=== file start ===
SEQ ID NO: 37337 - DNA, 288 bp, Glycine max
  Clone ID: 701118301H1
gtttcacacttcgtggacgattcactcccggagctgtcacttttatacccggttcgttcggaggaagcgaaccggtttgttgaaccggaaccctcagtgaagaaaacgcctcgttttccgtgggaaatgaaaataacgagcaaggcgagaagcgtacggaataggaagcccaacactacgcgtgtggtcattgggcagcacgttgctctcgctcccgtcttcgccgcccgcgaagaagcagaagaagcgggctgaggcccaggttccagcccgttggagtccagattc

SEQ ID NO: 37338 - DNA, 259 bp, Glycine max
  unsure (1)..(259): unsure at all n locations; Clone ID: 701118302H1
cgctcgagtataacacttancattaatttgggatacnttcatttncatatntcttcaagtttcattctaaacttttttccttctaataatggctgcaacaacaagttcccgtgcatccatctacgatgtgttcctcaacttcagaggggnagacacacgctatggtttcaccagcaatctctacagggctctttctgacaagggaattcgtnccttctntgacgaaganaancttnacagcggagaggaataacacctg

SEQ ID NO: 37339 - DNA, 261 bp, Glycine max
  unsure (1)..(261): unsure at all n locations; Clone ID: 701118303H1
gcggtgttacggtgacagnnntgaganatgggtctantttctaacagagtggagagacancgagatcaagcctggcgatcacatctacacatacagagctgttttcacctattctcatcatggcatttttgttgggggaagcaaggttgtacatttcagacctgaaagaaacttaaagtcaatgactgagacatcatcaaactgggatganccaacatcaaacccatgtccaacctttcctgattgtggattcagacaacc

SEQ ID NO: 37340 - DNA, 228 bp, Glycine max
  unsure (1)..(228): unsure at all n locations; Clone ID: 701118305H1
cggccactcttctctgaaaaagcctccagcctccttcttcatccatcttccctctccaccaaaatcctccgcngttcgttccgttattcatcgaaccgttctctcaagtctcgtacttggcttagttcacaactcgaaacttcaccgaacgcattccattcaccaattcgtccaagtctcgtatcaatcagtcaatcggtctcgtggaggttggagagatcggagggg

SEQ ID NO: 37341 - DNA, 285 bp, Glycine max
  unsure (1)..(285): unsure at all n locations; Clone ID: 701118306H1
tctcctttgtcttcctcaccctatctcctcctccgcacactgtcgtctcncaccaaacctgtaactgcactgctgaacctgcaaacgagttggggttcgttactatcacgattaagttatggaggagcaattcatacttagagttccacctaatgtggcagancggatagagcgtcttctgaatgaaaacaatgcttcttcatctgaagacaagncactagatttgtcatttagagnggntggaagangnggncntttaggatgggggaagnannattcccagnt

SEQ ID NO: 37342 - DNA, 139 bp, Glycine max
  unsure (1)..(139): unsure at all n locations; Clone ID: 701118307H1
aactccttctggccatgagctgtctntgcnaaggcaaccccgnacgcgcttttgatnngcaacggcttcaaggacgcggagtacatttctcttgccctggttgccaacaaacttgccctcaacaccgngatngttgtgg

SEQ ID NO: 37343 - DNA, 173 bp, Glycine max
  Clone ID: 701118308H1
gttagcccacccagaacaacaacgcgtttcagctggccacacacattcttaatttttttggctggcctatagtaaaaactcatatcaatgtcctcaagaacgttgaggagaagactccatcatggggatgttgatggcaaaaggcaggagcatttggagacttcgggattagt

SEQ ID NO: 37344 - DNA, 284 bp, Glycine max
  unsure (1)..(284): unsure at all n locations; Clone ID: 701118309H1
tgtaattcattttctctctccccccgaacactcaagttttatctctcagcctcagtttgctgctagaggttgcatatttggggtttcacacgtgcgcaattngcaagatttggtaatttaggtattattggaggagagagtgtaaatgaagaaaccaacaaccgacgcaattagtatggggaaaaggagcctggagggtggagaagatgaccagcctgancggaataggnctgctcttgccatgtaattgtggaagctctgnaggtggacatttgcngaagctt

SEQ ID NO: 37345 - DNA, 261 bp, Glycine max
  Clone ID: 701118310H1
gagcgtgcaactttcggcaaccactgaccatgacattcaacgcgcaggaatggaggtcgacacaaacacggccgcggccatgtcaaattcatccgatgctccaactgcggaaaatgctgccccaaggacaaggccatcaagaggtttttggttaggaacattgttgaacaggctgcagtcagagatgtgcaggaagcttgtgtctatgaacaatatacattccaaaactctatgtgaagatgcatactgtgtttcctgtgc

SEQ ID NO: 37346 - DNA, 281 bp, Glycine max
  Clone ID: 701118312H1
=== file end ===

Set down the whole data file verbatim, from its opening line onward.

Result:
SEQ ID NO: 37337 - DNA, 288 bp, Glycine max
  Clone ID: 701118301H1
gtttcacacttcgtggacgattcactcccggagctgtcacttttatacccggttcgttcggaggaagcgaaccggtttgttgaaccggaaccctcagtgaagaaaacgcctcgttttccgtgggaaatgaaaataacgagcaaggcgagaagcgtacggaataggaagcccaacactacgcgtgtggtcattgggcagcacgttgctctcgctcccgtcttcgccgcccgcgaagaagcagaagaagcgggctgaggcccaggttccagcccgttggagtccagattc

SEQ ID NO: 37338 - DNA, 259 bp, Glycine max
  unsure (1)..(259): unsure at all n locations; Clone ID: 701118302H1
cgctcgagtataacacttancattaatttgggatacnttcatttncatatntcttcaagtttcattctaaacttttttccttctaataatggctgcaacaacaagttcccgtgcatccatctacgatgtgttcctcaacttcagaggggnagacacacgctatggtttcaccagcaatctctacagggctctttctgacaagggaattcgtnccttctntgacgaaganaancttnacagcggagaggaataacacctg

SEQ ID NO: 37339 - DNA, 261 bp, Glycine max
  unsure (1)..(261): unsure at all n locations; Clone ID: 701118303H1
gcggtgttacggtgacagnnntgaganatgggtctantttctaacagagtggagagacancgagatcaagcctggcgatcacatctacacatacagagctgttttcacctattctcatcatggcatttttgttgggggaagcaaggttgtacatttcagacctgaaagaaacttaaagtcaatgactgagacatcatcaaactgggatganccaacatcaaacccatgtccaacctttcctgattgtggattcagacaacc

SEQ ID NO: 37340 - DNA, 228 bp, Glycine max
  unsure (1)..(228): unsure at all n locations; Clone ID: 701118305H1
cggccactcttctctgaaaaagcctccagcctccttcttcatccatcttccctctccaccaaaatcctccgcngttcgttccgttattcatcgaaccgttctctcaagtctcgtacttggcttagttcacaactcgaaacttcaccgaacgcattccattcaccaattcgtccaagtctcgtatcaatcagtcaatcggtctcgtggaggttggagagatcggagggg

SEQ ID NO: 37341 - DNA, 285 bp, Glycine max
  unsure (1)..(285): unsure at all n locations; Clone ID: 701118306H1
tctcctttgtcttcctcaccctatctcctcctccgcacactgtcgtctcncaccaaacctgtaactgcactgctgaacctgcaaacgagttggggttcgttactatcacgattaagttatggaggagcaattcatacttagagttccacctaatgtggcagancggatagagcgtcttctgaatgaaaacaatgcttcttcatctgaagacaagncactagatttgtcatttagagnggntggaagangnggncntttaggatgggggaagnannattcccagnt

SEQ ID NO: 37342 - DNA, 139 bp, Glycine max
  unsure (1)..(139): unsure at all n locations; Clone ID: 701118307H1
aactccttctggccatgagctgtctntgcnaaggcaaccccgnacgcgcttttgatnngcaacggcttcaaggacgcggagtacatttctcttgccctggttgccaacaaacttgccctcaacaccgngatngttgtgg

SEQ ID NO: 37343 - DNA, 173 bp, Glycine max
  Clone ID: 701118308H1
gttagcccacccagaacaacaacgcgtttcagctggccacacacattcttaatttttttggctggcctatagtaaaaactcatatcaatgtcctcaagaacgttgaggagaagactccatcatggggatgttgatggcaaaaggcaggagcatttggagacttcgggattagt

SEQ ID NO: 37344 - DNA, 284 bp, Glycine max
  unsure (1)..(284): unsure at all n locations; Clone ID: 701118309H1
tgtaattcattttctctctccccccgaacactcaagttttatctctcagcctcagtttgctgctagaggttgcatatttggggtttcacacgtgcgcaattngcaagatttggtaatttaggtattattggaggagagagtgtaaatgaagaaaccaacaaccgacgcaattagtatggggaaaaggagcctggagggtggagaagatgaccagcctgancggaataggnctgctcttgccatgtaattgtggaagctctgnaggtggacatttgcngaagctt

SEQ ID NO: 37345 - DNA, 261 bp, Glycine max
  Clone ID: 701118310H1
gagcgtgcaactttcggcaaccactgaccatgacattcaacgcgcaggaatggaggtcgacacaaacacggccgcggccatgtcaaattcatccgatgctccaactgcggaaaatgctgccccaaggacaaggccatcaagaggtttttggttaggaacattgttgaacaggctgcagtcagagatgtgcaggaagcttgtgtctatgaacaatatacattccaaaactctatgtgaagatgcatactgtgtttcctgtgc

SEQ ID NO: 37346 - DNA, 281 bp, Glycine max
  Clone ID: 701118312H1